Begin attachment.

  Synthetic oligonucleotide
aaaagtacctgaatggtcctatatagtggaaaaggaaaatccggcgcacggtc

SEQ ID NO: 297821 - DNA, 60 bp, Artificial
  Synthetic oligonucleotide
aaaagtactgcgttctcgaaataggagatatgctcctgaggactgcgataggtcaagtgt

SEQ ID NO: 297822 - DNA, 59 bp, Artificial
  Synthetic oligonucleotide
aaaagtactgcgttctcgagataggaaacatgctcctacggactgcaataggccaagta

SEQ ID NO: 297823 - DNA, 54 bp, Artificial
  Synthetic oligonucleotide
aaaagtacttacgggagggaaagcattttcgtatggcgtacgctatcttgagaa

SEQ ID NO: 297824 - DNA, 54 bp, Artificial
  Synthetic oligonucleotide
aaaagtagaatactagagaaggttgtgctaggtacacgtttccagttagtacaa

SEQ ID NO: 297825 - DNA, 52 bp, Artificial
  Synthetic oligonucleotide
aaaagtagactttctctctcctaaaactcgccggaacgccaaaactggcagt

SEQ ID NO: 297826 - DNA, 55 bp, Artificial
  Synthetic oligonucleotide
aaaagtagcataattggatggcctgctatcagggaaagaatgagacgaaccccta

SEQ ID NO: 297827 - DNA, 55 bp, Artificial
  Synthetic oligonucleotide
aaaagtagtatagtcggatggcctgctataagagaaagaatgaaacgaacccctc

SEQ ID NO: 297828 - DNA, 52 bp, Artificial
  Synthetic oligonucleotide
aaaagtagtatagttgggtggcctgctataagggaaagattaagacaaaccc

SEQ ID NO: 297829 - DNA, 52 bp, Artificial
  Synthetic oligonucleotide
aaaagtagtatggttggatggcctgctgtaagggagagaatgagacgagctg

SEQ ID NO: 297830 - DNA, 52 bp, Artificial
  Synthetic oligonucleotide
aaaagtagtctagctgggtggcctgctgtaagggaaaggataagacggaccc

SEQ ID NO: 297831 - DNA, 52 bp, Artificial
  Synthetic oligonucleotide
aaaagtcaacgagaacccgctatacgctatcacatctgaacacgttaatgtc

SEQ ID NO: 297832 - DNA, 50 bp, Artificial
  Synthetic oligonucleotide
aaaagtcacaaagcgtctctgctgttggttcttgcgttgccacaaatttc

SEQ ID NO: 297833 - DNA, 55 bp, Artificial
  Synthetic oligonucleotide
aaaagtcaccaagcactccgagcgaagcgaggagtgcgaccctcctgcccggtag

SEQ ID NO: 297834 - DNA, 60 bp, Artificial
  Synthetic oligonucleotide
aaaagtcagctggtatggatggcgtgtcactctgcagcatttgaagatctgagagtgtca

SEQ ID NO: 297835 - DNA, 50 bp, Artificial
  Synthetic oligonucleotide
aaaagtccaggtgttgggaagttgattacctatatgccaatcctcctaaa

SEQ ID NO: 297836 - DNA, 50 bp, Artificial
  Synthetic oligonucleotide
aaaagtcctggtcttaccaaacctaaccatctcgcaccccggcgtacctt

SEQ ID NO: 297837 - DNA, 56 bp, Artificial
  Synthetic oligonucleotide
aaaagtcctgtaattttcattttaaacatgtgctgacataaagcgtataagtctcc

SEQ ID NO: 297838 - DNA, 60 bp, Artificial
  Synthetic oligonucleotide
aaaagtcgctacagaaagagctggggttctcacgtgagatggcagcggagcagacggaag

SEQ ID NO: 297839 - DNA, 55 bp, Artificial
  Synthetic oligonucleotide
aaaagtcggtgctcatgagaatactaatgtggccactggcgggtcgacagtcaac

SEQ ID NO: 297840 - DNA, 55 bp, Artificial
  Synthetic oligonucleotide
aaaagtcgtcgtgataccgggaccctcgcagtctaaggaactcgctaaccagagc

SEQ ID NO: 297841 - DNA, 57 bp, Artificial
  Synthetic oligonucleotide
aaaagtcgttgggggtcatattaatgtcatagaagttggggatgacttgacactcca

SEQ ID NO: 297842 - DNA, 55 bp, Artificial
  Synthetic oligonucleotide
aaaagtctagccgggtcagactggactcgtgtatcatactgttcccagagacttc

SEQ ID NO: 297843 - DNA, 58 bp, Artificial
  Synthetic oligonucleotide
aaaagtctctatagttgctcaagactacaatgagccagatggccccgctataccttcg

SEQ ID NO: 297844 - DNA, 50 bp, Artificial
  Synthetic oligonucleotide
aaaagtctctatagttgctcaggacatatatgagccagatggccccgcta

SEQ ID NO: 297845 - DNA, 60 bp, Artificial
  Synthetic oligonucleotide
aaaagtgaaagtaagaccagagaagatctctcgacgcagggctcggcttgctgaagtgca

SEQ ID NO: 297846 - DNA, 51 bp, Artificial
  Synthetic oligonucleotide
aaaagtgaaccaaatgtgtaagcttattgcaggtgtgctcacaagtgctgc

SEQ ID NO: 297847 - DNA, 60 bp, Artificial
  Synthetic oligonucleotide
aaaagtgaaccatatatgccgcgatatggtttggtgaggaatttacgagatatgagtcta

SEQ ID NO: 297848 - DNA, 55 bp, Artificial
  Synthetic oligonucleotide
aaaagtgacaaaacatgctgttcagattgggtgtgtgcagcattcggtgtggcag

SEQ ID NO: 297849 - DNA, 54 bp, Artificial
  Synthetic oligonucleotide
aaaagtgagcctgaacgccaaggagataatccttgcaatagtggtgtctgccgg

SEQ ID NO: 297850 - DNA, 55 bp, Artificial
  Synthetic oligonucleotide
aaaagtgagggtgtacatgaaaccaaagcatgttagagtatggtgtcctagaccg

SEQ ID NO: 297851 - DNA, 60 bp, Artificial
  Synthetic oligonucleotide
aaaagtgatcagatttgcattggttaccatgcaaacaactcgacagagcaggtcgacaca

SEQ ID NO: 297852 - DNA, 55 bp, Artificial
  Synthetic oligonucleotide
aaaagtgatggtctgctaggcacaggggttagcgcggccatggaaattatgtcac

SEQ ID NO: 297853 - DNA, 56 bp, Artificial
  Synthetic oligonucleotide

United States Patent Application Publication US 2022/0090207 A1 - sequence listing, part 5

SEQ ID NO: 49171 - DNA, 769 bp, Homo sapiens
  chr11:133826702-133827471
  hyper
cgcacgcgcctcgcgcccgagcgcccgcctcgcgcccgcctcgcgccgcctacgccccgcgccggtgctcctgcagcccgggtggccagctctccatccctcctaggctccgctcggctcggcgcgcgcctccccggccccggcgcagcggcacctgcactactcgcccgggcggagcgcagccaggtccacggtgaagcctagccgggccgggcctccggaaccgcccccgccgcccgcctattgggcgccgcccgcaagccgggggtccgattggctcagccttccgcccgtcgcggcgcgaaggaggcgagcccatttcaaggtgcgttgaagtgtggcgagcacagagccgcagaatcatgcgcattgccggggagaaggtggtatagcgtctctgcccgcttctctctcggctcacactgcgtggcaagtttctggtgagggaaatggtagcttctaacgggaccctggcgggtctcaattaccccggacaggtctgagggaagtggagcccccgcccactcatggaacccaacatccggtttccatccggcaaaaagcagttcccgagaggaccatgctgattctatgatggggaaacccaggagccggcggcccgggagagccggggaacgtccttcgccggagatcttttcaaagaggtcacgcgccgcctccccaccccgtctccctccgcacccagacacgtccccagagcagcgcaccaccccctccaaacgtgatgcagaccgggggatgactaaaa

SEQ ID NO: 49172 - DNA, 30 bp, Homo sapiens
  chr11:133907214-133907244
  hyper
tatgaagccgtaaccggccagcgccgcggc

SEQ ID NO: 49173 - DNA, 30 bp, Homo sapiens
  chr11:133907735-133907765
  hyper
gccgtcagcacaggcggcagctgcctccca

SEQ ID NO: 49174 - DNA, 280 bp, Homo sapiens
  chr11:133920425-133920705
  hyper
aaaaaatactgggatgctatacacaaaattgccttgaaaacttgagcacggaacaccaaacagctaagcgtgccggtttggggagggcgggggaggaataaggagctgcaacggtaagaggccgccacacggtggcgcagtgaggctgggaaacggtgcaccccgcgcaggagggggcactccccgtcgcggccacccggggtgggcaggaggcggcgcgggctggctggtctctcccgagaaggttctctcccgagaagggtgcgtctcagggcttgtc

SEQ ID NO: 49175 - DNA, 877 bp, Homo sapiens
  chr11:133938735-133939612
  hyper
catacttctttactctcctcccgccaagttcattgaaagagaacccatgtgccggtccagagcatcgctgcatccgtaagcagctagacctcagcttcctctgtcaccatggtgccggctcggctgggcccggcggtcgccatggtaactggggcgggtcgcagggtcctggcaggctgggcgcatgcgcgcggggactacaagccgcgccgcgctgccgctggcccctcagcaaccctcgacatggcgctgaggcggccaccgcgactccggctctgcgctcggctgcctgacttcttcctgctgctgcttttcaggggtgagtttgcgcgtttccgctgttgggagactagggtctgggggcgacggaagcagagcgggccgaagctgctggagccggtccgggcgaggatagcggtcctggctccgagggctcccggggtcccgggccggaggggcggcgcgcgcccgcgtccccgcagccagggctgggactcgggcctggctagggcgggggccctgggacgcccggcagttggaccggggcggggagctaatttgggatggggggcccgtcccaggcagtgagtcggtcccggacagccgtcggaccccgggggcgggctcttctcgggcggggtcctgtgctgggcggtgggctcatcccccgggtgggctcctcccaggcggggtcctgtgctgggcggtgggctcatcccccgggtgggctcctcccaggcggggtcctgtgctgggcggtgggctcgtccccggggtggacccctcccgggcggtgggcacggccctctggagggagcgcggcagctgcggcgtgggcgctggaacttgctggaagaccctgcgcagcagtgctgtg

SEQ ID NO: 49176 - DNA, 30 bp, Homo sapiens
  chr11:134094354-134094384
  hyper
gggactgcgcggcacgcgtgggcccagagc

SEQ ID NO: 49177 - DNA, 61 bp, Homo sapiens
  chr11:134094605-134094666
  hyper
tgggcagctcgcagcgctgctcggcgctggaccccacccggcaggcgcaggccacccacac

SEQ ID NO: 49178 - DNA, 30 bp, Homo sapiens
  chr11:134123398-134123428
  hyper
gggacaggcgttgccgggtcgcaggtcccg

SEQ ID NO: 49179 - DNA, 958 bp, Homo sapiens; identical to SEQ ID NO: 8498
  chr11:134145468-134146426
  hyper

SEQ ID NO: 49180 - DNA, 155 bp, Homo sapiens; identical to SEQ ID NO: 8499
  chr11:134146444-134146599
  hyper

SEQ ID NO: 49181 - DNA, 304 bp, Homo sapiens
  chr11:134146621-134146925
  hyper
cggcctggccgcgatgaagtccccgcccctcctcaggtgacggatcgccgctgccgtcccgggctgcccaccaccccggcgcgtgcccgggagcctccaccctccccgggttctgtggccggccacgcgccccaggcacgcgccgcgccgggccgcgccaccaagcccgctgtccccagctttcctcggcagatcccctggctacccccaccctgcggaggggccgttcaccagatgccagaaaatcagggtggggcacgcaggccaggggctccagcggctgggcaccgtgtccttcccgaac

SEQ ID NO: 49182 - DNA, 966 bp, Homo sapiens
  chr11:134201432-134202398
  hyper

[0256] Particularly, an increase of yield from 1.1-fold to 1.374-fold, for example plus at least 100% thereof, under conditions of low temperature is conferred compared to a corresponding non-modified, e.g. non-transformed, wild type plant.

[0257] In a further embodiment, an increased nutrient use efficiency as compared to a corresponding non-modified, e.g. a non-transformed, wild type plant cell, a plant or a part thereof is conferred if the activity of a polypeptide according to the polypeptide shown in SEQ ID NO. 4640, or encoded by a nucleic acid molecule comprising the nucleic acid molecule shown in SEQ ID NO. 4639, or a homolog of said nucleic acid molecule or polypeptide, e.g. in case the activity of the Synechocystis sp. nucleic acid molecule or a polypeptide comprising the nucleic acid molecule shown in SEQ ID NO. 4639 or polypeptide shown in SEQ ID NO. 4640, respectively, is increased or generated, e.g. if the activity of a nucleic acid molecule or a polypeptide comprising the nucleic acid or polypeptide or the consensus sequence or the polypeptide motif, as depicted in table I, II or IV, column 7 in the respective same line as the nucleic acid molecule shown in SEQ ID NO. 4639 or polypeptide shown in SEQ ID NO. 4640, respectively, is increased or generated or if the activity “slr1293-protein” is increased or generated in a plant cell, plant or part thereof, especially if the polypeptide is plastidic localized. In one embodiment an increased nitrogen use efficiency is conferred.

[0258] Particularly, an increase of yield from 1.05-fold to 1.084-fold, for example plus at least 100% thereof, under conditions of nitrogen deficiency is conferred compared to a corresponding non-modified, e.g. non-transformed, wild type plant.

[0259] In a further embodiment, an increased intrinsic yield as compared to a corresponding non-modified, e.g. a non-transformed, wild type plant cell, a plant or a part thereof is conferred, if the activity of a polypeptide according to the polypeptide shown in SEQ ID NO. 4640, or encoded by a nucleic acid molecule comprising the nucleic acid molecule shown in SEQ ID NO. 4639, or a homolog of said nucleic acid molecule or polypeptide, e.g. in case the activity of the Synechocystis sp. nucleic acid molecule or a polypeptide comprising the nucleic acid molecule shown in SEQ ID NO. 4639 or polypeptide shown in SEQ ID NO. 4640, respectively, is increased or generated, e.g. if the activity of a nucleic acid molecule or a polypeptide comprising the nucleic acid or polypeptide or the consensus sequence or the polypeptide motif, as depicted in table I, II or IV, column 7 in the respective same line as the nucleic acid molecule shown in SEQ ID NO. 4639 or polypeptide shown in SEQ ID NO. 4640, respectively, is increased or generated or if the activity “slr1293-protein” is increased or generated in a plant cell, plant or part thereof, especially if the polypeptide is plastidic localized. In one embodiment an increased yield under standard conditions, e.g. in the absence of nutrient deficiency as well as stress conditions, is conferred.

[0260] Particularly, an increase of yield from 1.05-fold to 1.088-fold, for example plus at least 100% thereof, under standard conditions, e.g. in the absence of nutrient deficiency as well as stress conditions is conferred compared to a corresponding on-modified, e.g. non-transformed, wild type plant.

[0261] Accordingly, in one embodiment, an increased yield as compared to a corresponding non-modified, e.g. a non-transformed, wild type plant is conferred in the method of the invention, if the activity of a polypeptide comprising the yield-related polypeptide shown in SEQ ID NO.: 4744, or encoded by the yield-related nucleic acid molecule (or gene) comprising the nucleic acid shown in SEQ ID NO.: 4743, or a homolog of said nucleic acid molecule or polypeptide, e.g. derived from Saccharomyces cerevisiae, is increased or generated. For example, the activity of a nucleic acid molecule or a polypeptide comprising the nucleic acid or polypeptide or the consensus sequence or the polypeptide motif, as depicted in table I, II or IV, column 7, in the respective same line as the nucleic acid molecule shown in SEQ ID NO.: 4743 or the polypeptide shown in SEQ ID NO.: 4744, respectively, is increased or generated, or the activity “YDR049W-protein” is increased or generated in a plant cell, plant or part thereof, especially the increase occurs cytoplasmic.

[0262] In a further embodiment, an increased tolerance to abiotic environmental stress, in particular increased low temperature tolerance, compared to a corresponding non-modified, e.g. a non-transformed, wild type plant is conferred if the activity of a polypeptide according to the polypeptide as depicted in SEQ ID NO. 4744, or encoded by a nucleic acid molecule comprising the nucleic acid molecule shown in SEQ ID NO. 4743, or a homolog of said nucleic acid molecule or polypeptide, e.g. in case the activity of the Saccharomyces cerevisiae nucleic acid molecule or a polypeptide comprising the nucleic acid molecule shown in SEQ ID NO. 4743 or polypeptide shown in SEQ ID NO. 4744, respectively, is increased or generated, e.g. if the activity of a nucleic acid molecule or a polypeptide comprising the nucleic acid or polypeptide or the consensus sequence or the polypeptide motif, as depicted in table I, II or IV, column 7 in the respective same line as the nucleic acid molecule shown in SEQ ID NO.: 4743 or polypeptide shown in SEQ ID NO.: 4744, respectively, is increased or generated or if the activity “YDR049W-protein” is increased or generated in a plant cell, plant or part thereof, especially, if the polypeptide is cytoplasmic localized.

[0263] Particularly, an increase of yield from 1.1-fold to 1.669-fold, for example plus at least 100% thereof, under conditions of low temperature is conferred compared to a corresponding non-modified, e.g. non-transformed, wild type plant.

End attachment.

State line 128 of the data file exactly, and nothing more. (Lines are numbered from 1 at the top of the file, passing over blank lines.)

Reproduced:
  hyper